Tuesday’s statewide election delivered the expected results for California Prop 27 and the other sports betting ballot measure, Prop 26. Thus, subsequent days have presented an opportunity for opponents of both measures to celebrate and supporters to look at what went wrong.
Despite the results, the movement to legalize California sports betting is far from over. Gambling companies and officials have made that clear. At the same time, it seems the opposing forces are equally determined to push back against future attempts.
What gambling execs and activists said about California Prop 27 defeat
Prop 27 will receive less than 20% support from voters in California in the final tally. The forces who wanted to see that result seem justified in taking a victory lap. For example, Pechanga Band of Luiseño Indians Chairman Mark Macarro stated:
“It’s clear voters don’t want a massive expansion of online sports betting, and they trust Indian tribes when it comes to responsible gaming. As tribes, we will analyze these results and collectively have discussions about what the future of sports wagering might look like in California.”
The Pechanga Band of Luiseño Indians operate Pechanga Resort Casino near Temecula, California. The array of online gambling companies and other entities that pushed voters to support Prop 27 through the Yes on 27 campaign released a unified statement.
“Our coalition knew that passing Prop 27 would be an uphill climb, and we remain committed to California. This campaign has underscored our resolve to see California follow more than half the country in legalizing safe and responsible online sports betting.
Dozens of states and countless local governments are benefitting from the significant tax revenue that online sports betting provides, and as California faces tax revenue declines and uncertain economic headwinds, online sports betting can provide substantial solutions to fill future budget gaps.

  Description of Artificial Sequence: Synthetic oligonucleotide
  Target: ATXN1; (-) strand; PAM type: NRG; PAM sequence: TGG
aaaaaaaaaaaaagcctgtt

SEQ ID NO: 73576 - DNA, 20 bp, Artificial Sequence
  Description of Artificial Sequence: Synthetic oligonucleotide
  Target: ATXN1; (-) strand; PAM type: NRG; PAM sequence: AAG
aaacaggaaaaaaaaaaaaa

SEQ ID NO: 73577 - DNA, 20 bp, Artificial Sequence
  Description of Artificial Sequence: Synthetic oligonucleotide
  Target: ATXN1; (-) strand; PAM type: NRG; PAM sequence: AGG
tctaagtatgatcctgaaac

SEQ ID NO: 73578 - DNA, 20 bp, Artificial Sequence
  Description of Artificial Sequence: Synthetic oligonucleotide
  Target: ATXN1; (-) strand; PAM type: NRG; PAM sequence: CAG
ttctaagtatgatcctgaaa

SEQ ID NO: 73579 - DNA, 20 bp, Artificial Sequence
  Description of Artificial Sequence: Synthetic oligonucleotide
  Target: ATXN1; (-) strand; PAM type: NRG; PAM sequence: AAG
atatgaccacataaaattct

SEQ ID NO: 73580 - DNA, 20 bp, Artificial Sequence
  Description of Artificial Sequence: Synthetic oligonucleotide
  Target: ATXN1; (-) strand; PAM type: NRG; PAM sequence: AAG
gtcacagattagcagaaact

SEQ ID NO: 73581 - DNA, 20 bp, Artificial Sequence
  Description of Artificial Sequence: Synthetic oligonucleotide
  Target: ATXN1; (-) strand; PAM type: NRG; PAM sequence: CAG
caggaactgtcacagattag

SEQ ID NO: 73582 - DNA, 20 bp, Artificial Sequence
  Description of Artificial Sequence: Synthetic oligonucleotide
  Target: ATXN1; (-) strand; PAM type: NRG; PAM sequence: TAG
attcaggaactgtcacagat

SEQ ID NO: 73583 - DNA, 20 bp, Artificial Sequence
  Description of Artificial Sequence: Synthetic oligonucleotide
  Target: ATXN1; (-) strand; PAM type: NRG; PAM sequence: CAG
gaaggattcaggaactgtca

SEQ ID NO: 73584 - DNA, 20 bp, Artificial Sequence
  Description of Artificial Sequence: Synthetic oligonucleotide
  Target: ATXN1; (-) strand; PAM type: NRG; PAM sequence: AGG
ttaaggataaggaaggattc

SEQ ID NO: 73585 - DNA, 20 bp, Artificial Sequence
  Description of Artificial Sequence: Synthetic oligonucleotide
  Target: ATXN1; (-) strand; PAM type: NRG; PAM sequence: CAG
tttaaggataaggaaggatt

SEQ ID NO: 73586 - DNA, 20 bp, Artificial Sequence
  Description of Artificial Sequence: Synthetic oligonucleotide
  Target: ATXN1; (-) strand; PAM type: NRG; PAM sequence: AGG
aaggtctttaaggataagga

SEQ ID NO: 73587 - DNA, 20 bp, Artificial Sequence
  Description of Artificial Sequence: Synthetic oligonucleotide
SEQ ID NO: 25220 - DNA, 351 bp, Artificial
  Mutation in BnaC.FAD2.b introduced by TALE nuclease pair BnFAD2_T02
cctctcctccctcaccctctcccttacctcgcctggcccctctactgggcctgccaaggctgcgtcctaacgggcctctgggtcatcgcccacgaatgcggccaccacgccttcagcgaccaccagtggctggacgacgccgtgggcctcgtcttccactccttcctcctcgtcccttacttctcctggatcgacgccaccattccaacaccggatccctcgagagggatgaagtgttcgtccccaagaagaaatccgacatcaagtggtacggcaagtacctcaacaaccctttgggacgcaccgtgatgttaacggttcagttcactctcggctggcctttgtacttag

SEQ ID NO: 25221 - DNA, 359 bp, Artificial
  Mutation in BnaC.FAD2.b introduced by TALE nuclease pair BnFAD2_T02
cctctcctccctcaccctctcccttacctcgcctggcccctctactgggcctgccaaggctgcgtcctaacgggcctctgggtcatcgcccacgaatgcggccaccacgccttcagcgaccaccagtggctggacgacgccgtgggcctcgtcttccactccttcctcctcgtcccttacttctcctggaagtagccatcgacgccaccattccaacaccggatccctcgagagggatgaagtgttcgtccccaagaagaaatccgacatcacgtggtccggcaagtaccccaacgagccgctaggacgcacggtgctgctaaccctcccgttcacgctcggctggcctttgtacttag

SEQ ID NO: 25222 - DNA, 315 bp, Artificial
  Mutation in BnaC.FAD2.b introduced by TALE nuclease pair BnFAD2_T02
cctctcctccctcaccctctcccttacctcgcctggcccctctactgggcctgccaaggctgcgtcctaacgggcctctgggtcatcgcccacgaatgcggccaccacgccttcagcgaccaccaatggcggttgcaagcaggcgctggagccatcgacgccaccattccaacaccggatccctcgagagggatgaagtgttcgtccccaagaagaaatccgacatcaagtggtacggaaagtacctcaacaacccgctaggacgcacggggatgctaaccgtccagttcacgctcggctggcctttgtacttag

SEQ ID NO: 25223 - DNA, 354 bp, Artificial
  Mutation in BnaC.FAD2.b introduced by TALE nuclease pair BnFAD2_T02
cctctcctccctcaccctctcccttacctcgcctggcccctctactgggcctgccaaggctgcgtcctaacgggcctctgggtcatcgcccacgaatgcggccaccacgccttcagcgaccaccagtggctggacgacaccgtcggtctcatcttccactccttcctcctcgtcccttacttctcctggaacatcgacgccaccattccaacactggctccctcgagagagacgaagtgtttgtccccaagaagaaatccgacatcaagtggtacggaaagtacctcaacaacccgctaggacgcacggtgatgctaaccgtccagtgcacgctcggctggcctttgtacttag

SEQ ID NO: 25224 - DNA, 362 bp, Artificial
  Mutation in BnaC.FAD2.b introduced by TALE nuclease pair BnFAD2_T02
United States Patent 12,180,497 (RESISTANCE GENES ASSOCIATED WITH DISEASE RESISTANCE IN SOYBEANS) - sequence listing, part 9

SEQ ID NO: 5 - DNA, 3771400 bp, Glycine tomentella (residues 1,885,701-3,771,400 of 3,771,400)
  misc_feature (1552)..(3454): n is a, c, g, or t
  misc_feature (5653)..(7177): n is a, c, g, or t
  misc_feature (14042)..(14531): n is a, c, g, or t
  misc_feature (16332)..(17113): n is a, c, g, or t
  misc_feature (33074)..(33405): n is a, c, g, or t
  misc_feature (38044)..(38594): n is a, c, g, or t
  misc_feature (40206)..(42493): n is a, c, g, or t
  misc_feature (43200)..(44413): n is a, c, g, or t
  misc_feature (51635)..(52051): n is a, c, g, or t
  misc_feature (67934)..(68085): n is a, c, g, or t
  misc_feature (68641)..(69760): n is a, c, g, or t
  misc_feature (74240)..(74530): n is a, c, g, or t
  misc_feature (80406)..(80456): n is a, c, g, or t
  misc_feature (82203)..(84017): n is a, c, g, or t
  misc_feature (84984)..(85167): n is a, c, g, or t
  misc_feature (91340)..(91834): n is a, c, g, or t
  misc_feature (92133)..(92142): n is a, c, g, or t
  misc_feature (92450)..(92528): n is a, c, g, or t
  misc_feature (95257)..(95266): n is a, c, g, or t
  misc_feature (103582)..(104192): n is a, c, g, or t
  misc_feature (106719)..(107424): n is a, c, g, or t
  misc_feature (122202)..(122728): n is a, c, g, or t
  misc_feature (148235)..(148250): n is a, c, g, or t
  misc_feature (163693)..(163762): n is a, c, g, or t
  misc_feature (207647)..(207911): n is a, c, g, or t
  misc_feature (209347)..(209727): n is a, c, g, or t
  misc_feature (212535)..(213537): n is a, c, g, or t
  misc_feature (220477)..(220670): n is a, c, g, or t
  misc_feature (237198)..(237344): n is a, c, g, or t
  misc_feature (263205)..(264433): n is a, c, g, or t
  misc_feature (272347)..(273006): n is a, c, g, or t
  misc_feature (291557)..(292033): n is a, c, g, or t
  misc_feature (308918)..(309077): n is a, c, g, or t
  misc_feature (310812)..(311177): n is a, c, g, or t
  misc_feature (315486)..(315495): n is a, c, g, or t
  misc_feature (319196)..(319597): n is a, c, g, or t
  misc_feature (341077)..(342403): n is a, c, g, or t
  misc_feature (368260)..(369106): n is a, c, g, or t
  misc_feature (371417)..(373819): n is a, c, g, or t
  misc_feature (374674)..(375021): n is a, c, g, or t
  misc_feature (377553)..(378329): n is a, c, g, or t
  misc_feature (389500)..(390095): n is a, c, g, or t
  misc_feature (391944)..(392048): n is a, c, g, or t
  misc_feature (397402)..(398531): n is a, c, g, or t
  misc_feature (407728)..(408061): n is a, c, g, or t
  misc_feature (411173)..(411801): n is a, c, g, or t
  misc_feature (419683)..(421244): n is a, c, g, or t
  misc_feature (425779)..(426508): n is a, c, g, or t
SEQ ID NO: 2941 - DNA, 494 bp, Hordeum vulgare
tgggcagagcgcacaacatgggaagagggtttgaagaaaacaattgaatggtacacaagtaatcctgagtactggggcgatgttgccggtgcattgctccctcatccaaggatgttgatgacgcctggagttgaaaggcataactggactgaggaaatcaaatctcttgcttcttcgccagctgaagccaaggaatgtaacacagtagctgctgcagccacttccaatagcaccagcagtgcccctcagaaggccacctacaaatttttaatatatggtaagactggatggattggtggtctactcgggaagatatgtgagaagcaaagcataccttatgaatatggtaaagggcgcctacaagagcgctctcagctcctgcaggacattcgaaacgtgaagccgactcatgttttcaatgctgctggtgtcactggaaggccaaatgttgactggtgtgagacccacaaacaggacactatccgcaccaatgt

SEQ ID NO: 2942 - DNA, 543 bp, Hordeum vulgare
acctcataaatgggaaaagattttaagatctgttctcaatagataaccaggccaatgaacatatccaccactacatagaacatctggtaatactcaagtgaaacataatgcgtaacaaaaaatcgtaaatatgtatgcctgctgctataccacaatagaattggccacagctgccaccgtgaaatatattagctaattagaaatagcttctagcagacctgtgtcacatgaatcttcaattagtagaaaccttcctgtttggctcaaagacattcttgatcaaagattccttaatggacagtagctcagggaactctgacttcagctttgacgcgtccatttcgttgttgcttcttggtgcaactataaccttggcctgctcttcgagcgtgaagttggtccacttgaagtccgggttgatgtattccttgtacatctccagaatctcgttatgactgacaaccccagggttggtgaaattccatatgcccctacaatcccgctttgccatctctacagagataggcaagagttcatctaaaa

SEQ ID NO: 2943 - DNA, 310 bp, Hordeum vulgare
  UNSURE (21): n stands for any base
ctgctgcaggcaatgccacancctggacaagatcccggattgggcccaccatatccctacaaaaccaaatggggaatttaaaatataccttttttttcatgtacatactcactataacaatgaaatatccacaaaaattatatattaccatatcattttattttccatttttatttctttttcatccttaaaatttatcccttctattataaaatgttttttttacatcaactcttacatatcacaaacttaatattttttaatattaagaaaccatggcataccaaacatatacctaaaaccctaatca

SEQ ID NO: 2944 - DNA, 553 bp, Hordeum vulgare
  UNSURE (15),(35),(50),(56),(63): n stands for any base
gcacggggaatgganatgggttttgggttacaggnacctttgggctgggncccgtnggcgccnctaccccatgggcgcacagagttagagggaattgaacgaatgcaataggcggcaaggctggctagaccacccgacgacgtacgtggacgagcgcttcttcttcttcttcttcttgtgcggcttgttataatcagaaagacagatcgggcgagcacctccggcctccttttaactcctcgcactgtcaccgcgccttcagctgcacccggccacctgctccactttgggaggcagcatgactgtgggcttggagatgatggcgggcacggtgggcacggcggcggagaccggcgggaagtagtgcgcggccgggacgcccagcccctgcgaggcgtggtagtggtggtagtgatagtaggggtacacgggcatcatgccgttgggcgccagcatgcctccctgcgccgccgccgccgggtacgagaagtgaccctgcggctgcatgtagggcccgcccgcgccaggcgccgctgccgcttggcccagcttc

Our campaign also demonstrated how the safe and legal online sports betting market in California can provide significant revenue and benefits to California Tribes – both gaming and non-gaming alike. Californians are currently placing billions in bets each year on illicit offshore sports betting websites – unsafe and unregulated enterprises that offer no protections for minors or consumers and generate no support for state priorities.
Californians deserve the benefits of a safe, responsible, regulated, and taxed online sports betting market, and we are resolved to bringing it to fruition here.”
Statements on the rejection of Prop 26 from key entities, figures
The No on Prop 26 campaign wasted no time in releasing a statement about its success on Tuesday night. Californians defeated the measure by a 70% margin.
“California voters were not fooled by Proposition 26 and soundly rejected it. Prop 26 was not just a sports betting measure but a massive expansion of gambling by five wealthy tribes that included a poison pill aimed at taking market share away from highly regulated cardrooms that provide millions of dollars in tax revenue to communities and tens of thousands of jobs.
Voters made it clear; Prop 26 is bad for communities, jobs, and California.”
Juan Garza, who represented a coalition of California cities that rely on card room revenues to support their budgets, had a similar comment.
“As the representative of five cities that rely on cardrooms to fund vital city services, we are thrilled California voters agreed with us and rejected Prop 26. Prop 26 had a hidden poison pill that allows for unlimited lawsuits against cardrooms – a highly regulated industry that provides critical tax revenue for cities and jobs across California.
We are thankful to voters for rejecting Prop 26 that would have significantly harmed so many California communities.”
Disappointed operators share their thoughts too
On the flip side, operators of horse tracks in California expressed their disappointment at Prop 26’s defeat. Gary Fenton, the chairman of the Thoroughbred Owners of California, shared some comments.
“We are disappointed but not surprised that Prop 26 did not pass and will do our part to find a positive outcome that can channel sports gaming demand responsibly to return maximum benefit to the state as well as provide a top-quality customer experience at our well-established and regulated racetracks in California in the next election cycle in 2024.
The California racing industry remains highly motivated to pursue this initiative, working collaboratively with key partners, to join the list of 35 states that currently offer legal sports wagering.”
Prop 26 would have allowed race tracks in California to accept bets on sporting events in person. While advocates for these measures seem determined to keep trying, it looks like their opposition isn’t ready to rest on their laurels either.